COVID-19 and children’s cultural development: A reflection

Kinderhouse Preschools in Calgary and area provided a mix of academics and arts delivered in a playful environment. CONTRIBUTED

Amoriza Gunnink is M.Ed and working on PhD and founder of the Kinderhouse preschools in Calgary.


As we head back to school, much anxiety and concern remains among parents and educators over COVID-19 and its impact should an outbreak occur at school.

COVID-19 is a disease that needs to be carefully managed as a society, not merely on the level of health but also communally, economically and its impact on societal well-being.

The consistent and negative news cycles have created a pessimistic mindset that if left unchallenged, will drastically alter the lives of our children over the long term.

Early learning and education are important components of development that support a strong childhood.

The overall development of children is not the function of the family nucleus only, but the sum total of the interactions at the communal, cultural and societal levels as well.

Formative years critical for a child’s education

A quality education encompasses a comprehensive view of the formation of children and their contribution and transformative impact in society and culture both now and in the future.

The reduction of time spent in areas such as preschools, schools, recreation centres and community programs, where our kids typically participate, could fundamentally change their experiences of culture and culture-making if the pandemic drags on.

These communal places don’t merely function to create bright, smart, creative and physically healthy kids. These are places where culture and social relationships occur, are practiced and solidified. Children’s learning is an interactive process of integrating personal experiences, including culture and social structures, as sources for learning and developing knowledge.

Children learn not only from textbooks or materials, but also from group and social interactions.

They learn from cultural performances and participation, as well as from the general lived experiences they bring to the learning process.

Through play and children’s own face-to-face interactions with others at school or in the community, they negotiate their identities, they develop intercultural understanding, their personal values and norms.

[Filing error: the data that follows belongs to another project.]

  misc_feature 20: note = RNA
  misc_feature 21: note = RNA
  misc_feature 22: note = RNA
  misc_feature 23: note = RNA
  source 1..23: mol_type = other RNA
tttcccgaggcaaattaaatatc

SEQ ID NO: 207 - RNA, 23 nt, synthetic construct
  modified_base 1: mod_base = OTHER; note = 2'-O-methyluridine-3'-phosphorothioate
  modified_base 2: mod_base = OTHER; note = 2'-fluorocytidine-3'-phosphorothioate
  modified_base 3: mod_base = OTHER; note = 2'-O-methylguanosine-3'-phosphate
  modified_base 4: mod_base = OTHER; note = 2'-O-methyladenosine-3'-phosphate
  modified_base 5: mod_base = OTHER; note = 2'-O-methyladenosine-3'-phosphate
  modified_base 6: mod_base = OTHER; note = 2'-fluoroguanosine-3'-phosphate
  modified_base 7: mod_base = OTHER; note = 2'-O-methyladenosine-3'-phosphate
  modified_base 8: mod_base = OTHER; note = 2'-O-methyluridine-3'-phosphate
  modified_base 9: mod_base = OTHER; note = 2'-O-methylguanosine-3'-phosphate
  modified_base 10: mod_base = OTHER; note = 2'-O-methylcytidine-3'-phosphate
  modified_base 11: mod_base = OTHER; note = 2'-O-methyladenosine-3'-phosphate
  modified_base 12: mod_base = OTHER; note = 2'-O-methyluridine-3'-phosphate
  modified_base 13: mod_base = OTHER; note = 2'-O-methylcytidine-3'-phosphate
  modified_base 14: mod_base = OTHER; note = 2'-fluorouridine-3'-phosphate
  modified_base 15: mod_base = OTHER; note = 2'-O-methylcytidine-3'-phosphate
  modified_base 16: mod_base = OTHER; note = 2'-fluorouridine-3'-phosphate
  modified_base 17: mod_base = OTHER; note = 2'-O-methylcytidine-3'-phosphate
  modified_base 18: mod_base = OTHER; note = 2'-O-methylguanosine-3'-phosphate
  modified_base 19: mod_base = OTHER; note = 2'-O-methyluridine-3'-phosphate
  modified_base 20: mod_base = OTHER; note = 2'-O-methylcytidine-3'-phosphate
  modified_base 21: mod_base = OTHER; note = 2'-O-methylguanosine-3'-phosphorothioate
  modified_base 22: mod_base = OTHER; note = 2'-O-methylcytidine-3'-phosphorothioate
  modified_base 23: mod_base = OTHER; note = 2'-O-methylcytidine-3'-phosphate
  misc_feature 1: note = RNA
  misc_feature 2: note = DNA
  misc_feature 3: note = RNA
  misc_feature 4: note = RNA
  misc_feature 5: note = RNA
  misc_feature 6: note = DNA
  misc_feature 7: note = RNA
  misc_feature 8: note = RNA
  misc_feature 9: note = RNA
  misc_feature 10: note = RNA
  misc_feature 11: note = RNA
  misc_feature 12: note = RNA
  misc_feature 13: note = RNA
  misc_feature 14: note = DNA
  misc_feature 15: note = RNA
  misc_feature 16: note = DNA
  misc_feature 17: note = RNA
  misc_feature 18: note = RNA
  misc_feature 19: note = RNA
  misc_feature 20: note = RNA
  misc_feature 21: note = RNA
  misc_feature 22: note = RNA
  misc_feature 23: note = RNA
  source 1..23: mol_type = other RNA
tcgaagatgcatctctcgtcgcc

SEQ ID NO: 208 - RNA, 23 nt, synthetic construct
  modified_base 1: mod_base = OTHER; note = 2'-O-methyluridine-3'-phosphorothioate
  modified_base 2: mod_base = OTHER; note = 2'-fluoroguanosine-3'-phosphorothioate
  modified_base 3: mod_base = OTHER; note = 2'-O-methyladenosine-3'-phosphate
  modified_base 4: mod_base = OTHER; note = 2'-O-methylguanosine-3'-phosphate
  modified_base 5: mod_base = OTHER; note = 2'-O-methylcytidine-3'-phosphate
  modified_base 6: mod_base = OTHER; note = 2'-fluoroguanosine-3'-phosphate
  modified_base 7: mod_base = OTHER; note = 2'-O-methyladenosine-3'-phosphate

As they collaborate and learn together, they are forced to also think critically, to question, as well as solve problems and conflicts with one another.

The richer these experiences are, the greater children’s growth. Children’s cultural development supports their personal and social identity formation, along with their character development. The practice of culture for children in the (pre)school setting is an important component of children’s learning and development, and includes verbal and various forms of multimodal communication, creativity, play, collaboration, group work and intercultural interactions, as well as explorations in arts and culture.

Having the social environment as important as textbooks

At the micro level, community and educational organizations, as well as preschools and schools provide our children a social environment and an active means for participating in, shaping and reshaping their own child cultures.

This form of cultural empowerment in the formative years then provides children the tools to continue to be active collaborators in society and culture as they grow older. A strong and socially cohesive community with a culturally active and engaged citizenry is fundamental to the growth and well-being of any town, city or nation.

The COVID-19 pandemic’s impact can be seen in the way it has begun to alter children’s cultural participation and interactions in community organizations and schools. Collectively, as educators and parents, we need to continue to find creative new ways to foster the socio-cultural development of our children through safe and thoughtful planning, to ensure active communal participation and enriched educational experiences in both the short and long term as the Covid-19 pandemic carries on. Our children’s overall developmental well-being and cultural growth both now and in the future are worth our every effort.

Be the first to comment

Leave a Reply

This site uses Akismet to reduce spam. Learn how your comment data is processed.